Spitting up is common and normal in babies. If it becomes more frequent or forceful, you should bring this to our attention. The most frequent cause of spitting up is improper burping. Burp your baby frequently, through out the feeding and after feedings.  Babies also spit up because of overfeeding. You should not feed your child over four ounces at a feeding during the first few months of life.

More rarely, spitting up can be due to formula allergy or intolerance. If your child is on cow’s milk formula, spits every feeding and has intestinal gas and fussiness, we recommend switching your baby to a soybean type formula such as Prosobee or a hydrosolate formula such as Nutramigen LGG. If your child does not improve on the new formula, then you should bring your child in for an appointment. Projectile vomiting (vomiting which shoots out of the mouth under force) is abnormal. The baby should have an appointment to check this out (see section on vomiting). Pyloric stenosis, a potentially serious condition, needs to be ruled out.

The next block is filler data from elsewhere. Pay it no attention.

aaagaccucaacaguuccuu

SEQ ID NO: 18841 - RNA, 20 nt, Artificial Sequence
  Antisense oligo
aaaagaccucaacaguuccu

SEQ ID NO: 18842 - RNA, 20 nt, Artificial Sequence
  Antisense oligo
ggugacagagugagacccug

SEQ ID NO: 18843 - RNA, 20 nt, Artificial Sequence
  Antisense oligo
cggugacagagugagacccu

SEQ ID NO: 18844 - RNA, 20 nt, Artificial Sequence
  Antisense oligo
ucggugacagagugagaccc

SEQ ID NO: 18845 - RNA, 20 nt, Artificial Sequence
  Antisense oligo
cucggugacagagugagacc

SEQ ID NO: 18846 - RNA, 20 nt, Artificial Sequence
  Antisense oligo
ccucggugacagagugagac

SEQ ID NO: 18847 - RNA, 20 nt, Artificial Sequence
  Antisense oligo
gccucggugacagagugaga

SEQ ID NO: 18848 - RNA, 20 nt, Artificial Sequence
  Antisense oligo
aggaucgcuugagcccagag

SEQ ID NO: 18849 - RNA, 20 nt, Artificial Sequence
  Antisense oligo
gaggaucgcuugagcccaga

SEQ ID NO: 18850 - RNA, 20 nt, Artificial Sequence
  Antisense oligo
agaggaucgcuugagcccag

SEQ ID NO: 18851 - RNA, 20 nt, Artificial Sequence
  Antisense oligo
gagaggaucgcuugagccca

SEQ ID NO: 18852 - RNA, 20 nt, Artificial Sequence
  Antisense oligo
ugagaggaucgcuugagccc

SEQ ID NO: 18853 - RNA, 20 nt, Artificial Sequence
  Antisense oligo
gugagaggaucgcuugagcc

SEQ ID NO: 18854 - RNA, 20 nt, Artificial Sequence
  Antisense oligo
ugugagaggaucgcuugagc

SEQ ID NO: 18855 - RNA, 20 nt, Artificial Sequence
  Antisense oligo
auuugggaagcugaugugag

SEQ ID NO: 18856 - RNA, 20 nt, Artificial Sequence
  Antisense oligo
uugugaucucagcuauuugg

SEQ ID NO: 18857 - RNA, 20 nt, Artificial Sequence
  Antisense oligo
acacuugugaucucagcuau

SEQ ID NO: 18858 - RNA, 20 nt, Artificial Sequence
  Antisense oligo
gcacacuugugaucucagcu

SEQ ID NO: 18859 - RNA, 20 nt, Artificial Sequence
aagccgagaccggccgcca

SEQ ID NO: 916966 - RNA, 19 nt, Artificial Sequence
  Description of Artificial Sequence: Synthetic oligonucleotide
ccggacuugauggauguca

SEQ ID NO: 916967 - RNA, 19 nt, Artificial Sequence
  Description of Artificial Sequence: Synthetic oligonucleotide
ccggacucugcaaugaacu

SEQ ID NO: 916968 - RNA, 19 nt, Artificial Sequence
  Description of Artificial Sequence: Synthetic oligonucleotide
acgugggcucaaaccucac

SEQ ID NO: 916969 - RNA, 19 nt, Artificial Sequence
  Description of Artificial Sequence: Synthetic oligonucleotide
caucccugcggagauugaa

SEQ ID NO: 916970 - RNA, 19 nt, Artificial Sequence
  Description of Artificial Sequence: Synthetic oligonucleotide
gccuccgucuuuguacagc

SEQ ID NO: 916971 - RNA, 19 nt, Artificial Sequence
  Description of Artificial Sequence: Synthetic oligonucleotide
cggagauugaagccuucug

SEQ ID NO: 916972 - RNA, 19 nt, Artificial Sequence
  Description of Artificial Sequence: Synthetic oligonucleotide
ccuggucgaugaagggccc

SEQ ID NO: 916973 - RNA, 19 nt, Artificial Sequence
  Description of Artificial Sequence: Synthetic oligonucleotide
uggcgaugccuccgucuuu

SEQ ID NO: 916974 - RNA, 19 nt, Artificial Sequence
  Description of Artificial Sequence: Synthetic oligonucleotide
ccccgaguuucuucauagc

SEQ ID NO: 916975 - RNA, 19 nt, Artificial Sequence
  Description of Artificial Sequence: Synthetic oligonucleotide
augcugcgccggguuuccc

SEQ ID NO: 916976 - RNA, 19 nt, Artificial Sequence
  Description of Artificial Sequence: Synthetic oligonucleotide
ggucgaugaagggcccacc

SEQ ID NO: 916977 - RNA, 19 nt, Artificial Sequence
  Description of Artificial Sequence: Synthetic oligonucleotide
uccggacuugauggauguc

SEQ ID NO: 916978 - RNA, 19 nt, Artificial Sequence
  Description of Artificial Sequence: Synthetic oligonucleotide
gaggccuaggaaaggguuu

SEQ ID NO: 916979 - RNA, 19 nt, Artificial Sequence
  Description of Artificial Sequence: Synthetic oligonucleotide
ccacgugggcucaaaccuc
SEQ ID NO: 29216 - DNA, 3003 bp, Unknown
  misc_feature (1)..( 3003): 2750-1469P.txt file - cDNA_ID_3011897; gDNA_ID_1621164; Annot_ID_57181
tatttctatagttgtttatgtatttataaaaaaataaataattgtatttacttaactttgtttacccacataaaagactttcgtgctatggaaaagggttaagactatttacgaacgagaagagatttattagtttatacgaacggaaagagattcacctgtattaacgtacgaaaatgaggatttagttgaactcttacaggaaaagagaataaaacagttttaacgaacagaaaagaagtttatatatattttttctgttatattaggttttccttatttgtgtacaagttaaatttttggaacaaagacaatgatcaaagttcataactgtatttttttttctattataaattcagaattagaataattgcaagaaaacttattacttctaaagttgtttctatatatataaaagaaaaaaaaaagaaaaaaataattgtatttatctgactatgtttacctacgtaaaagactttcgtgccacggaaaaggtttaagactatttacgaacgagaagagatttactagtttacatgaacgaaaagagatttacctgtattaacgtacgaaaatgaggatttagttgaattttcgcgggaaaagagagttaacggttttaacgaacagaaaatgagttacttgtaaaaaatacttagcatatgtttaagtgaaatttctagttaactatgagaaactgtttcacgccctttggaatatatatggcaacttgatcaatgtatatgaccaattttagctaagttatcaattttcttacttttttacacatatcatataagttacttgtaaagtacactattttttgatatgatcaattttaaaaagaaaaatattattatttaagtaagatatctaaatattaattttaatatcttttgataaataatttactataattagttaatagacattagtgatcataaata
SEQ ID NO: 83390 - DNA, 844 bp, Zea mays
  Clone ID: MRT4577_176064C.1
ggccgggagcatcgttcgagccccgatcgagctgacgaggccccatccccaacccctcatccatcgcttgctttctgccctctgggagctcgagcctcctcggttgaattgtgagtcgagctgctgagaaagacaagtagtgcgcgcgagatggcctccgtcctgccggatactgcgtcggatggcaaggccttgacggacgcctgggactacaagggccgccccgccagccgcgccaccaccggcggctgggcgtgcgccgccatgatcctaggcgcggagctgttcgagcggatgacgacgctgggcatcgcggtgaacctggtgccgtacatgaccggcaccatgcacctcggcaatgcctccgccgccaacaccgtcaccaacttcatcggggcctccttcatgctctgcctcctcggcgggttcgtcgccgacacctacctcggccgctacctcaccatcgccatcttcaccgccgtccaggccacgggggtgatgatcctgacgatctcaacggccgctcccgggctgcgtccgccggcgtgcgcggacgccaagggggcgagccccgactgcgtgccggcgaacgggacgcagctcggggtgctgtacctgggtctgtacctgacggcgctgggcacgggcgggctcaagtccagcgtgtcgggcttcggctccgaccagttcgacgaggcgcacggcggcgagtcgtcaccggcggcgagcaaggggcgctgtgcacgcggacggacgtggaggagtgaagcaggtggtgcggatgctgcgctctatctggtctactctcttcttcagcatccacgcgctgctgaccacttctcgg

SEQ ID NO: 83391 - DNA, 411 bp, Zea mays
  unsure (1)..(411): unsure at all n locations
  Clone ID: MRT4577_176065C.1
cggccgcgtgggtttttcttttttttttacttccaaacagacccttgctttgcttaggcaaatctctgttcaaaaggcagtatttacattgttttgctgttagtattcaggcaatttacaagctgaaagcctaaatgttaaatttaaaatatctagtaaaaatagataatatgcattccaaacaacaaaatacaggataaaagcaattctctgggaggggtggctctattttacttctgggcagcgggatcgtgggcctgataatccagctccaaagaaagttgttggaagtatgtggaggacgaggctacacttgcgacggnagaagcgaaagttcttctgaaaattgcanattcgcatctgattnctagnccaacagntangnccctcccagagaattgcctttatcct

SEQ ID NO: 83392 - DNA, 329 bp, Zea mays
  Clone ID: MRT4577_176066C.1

Another way to help reduce spitting up is to keep your child upright for 30 to 45 minutes during and after feedings. This position will help to decrease the amount of spitting up. As long as your child is growing and developing well, is not having choking episodes or turning blue, and is not excessively irritable, spitting up is more of a nuisance than it is dangerous. If you have any questions about your child’s weight gain, the possibility of choking episodes or if your child is excessively irritable with spitting up, you should call the office for an appointment.

Reviewed by Dr. Byrum on 3/22/17